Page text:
¶ 23. Though Tollison's facts clearly are distinguishable, the principle of continuing jurisdiction should apply here to the Youth Court in Jackson County. Admittedly, we have held that a chancery court may properly exercise jurisdiction over an adoption even after a youth court has awarded custody to another relative. In re Beggiani, 519 So.2d 1208, 1209–11 (Miss.1988). In In re Beggiani, we reasoned that “adoption proceedings are entirely separate and distinct statutory proceedings neither connected with nor controlled by the prior custody awards of another court.” Id . at 1211 (citation omitted). Yet, termination of parental rights and reunification were not at issue in that case. The natural mother had signed a surrender of parental rights, and the natural father apparently was not in the picture. Id. at 1209.

¶ 24. In K.M.K. v. S.L.M., 775 So.2d 115, 118 (Miss.2000), we held “that a chancery court may not exercise jurisdiction over any abused or neglected child or any proceeding pertaining thereto over which the youth court may exercise jurisdiction if there has been a prior proceeding in the youth court concerning that same child.” There, the minor's foster parents had filed a petition in the Chancery Court for the First Judicial District of Hinds County to terminate the natural parents' parental rights after the County Court of Hinds County, sitting as the Youth Court, had refused to terminate the natural mother's visitation rights. Id. at 116–17. We limited our holding in K.M.K. to “questions of priority jurisdiction in counties that have a county court sitting as a youth court in addition to a chancery court.” Id. at 118. And we noted specifically that youth courts do not have jurisdiction over adoption petitions. Id. at 118 n. 1 (citing Miss.Code Ann. § 93–17–3 (1994)).

¶ 25. Because all matters concerning the children should have been filed in Jackson County, I believe we should extend K.M.K.'s holding to these particular facts. In my view, a chancery court should not exercise its jurisdiction over a contested adoption proceeding if a youth court already has exercised its jurisdiction over termination-of-parental-rights proceedings, and reunification efforts have begun.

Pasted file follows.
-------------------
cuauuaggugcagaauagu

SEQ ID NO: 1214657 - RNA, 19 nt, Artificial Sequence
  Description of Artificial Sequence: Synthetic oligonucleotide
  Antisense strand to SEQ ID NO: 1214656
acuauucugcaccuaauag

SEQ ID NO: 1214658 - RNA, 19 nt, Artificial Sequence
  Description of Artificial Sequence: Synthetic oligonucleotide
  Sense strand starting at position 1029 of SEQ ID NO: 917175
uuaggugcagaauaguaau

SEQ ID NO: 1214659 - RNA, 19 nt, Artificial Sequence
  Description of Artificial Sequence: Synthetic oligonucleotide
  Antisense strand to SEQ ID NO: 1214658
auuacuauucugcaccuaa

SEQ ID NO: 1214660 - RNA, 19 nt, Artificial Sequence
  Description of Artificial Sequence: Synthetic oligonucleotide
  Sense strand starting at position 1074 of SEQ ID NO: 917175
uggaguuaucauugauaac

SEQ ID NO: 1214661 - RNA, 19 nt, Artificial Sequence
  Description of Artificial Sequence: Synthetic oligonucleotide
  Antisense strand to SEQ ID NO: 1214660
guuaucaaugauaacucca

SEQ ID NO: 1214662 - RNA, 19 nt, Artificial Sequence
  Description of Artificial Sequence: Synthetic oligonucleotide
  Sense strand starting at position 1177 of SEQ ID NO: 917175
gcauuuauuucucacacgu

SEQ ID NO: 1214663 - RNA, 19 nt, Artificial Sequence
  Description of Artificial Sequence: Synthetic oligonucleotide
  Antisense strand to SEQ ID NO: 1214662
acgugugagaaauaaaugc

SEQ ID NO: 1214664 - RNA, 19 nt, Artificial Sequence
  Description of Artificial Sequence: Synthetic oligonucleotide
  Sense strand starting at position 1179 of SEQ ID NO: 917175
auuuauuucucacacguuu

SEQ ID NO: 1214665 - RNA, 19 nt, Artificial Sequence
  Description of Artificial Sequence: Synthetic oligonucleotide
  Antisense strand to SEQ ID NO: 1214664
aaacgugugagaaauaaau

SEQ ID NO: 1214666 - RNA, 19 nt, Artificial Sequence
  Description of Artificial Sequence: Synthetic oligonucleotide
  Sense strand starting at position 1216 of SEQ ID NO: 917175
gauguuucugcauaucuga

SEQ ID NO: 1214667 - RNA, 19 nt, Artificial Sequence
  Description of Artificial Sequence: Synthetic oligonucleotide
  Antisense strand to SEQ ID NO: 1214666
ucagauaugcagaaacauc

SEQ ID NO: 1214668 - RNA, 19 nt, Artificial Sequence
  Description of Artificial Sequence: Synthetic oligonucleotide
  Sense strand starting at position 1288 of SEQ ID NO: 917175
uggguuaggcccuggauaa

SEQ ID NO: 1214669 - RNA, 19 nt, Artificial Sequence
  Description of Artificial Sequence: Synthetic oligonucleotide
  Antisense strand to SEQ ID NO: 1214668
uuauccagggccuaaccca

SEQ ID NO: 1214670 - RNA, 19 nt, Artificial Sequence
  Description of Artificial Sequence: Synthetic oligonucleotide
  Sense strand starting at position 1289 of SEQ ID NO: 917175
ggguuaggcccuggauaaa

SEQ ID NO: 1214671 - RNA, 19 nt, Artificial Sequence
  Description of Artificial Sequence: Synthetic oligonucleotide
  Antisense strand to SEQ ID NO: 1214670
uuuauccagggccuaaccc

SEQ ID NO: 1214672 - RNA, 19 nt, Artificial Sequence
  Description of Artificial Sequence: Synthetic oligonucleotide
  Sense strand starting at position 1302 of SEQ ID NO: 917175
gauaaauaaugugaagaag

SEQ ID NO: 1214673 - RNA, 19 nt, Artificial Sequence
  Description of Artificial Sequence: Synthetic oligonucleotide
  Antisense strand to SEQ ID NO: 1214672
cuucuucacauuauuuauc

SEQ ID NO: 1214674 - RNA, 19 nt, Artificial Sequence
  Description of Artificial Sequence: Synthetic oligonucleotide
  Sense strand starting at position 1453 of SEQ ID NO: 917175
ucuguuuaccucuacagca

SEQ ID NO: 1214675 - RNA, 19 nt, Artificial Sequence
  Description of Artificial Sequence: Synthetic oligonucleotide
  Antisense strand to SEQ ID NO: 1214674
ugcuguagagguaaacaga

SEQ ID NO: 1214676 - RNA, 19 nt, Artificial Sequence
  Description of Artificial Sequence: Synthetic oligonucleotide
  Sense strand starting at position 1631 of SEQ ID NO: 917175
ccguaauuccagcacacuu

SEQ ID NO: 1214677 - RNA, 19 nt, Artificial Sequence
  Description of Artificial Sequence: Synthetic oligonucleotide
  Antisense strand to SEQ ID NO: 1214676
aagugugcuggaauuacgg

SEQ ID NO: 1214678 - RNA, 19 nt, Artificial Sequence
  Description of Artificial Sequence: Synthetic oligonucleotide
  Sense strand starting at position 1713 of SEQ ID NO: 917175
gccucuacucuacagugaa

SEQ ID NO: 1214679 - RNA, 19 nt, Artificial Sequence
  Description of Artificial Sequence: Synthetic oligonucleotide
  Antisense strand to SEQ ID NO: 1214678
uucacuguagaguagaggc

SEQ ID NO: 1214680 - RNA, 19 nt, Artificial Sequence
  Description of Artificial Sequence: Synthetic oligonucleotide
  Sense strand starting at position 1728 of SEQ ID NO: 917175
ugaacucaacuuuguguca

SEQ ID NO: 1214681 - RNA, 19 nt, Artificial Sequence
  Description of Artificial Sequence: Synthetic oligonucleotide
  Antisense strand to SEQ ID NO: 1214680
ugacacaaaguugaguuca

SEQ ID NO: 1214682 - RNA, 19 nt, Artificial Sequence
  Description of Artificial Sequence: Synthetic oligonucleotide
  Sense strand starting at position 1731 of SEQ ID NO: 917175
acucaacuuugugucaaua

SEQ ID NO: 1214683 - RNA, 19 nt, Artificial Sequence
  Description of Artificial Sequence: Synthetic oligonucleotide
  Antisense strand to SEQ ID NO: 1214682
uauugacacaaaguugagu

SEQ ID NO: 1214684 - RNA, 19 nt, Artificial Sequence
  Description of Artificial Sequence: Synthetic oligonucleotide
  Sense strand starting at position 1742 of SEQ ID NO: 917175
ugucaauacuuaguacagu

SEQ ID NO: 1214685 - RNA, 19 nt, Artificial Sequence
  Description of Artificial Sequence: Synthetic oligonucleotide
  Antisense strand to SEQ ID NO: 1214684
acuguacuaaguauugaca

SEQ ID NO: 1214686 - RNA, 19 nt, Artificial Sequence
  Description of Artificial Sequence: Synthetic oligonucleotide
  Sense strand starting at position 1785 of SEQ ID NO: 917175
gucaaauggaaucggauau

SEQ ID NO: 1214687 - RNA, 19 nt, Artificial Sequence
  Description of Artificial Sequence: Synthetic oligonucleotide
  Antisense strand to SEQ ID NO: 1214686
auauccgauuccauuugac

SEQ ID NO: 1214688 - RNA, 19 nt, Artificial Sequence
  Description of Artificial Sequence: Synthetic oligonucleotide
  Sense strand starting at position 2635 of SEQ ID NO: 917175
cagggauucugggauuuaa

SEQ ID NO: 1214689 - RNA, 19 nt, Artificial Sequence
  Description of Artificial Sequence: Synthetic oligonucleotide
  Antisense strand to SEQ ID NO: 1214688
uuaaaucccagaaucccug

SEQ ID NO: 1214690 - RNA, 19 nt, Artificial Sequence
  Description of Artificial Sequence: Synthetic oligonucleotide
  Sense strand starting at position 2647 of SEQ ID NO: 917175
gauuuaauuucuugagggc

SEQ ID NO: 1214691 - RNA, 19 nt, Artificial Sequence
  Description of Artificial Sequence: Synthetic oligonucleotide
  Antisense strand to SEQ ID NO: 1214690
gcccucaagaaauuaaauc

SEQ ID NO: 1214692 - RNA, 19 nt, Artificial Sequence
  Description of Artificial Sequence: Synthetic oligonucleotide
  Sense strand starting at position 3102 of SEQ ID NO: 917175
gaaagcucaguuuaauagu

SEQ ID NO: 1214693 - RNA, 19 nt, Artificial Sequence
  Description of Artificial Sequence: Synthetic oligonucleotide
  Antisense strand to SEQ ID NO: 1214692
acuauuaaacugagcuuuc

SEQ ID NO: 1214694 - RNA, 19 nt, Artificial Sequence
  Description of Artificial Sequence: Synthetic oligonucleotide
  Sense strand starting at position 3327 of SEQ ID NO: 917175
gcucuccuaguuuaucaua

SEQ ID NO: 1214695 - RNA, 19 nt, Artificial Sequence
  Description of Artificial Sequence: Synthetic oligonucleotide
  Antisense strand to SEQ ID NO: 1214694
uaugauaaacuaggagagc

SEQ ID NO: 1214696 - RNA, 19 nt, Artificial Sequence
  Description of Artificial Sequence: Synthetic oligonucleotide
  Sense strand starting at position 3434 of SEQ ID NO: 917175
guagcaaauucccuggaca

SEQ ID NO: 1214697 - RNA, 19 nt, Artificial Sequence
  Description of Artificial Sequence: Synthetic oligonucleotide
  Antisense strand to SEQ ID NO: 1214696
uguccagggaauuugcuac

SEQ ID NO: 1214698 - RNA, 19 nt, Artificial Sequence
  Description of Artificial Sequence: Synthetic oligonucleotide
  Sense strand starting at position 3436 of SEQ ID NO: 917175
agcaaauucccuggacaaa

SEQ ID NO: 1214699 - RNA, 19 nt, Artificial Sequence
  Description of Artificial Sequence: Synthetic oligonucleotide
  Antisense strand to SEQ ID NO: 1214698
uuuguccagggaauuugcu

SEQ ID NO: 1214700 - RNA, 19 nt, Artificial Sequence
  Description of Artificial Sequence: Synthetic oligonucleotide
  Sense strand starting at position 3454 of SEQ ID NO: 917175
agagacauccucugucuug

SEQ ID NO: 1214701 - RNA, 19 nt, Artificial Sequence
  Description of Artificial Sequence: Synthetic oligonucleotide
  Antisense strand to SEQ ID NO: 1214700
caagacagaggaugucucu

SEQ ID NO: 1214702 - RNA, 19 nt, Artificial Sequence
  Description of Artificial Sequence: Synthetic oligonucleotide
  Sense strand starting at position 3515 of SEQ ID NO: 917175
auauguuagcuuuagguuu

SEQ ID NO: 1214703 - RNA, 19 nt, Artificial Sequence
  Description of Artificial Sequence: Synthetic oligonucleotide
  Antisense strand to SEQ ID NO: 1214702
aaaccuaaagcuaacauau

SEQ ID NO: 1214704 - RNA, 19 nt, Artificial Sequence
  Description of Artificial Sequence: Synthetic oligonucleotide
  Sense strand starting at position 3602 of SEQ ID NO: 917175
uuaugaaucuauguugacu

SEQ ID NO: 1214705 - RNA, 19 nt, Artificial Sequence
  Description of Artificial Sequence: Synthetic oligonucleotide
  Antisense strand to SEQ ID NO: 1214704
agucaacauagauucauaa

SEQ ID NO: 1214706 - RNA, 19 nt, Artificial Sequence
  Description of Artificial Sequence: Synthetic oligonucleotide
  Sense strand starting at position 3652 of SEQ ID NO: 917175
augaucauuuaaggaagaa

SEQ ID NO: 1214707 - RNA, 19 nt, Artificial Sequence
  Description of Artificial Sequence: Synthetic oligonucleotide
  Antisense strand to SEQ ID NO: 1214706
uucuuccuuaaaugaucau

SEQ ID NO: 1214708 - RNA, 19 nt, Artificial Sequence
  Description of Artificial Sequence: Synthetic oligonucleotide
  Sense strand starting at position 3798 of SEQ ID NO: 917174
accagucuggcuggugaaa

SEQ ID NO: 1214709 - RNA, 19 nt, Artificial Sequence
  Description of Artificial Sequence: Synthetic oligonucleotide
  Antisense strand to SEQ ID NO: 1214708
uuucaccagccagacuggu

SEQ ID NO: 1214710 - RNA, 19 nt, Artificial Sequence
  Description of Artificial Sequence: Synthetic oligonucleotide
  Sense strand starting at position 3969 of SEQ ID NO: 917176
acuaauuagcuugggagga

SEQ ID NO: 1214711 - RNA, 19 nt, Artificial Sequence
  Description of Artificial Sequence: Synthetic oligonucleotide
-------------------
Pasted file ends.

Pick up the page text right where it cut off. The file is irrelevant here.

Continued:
¶ 26. The same considerations that led to our holding in K.M.K. are pertinent here. Legislative intent was one of our principal concerns in that case. K.M.K., 775 So.2d at 118. One of the primary goals of youth courts is reunification, if that is found to be in the child's best interest. B.A.D. v. Finnegan, 82 So.3d 608, 616 (Miss.2012) (citing Miss.Code Ann. § 43–21–103 (Rev.2009)). That goal is thwarted, however, if chancery courts are allowed to exercise jurisdiction over contested adoptions even as reunification is underway. In K.M.K., we also sought to prevent forum shopping and to avoid conflicting orders between trial courts on the same issues and multiple suits. K.M.K., 775 So.2d at 118. Under the majority's opinion, foster parents or other persons aggrieved by a youth court's decision(s) can simply file for adoption in chancery court in hopes of obtaining a more desirable outcome. Chancery courts must not be allowed to function as appellate courts for prior youth-court decisions. McDonald v. McDonald, 39 So.3d 868, 886 (Miss.2010). Further, allowing the Lincoln County Chancery Court to exercise jurisdiction over the adoption at this point in the Youth Court proceedings potentially leads to conflicting orders and creates confusion. If a youth court has dismissed a petition to terminate a parent's parental rights and ordered that reunification begin, it is inconsistent for a chancery court to step in, terminate that same parent's parental rights, and grant an adoption. Also, what then becomes of the youth court's reunification orders as the adoption proceedings are pending?

¶ 27. These types of cases are difficult for everyone involved, including courts. That said, I believe that principles of sound judicial administration and economy require chancery courts to refrain from exercising jurisdiction over contested adoption proceedings where a youth court has exercised jurisdiction over termination-of-parental-rights proceedings and reunification efforts have begun. The Wattses' course for relief was in Jackson County, where A.B. and B.H. were subject to the Youth Court's jurisdiction as neglected children, where the Wattses had derived their foster-parent status, and where termination of parental rights already has been considered. Therefore, I respectfully dissent.

LAMAR, Justice, for the Court:

CARLSON AND DICKINSON, P.JJ., RANDOLPH, KITCHENS, CHANDLER AND KING, JJ., CONCUR. WALLER, C.J., DISSENTS WITH SEPARATE WRITTEN OPINION. PIERCE, J., NOT PARTICIPATING.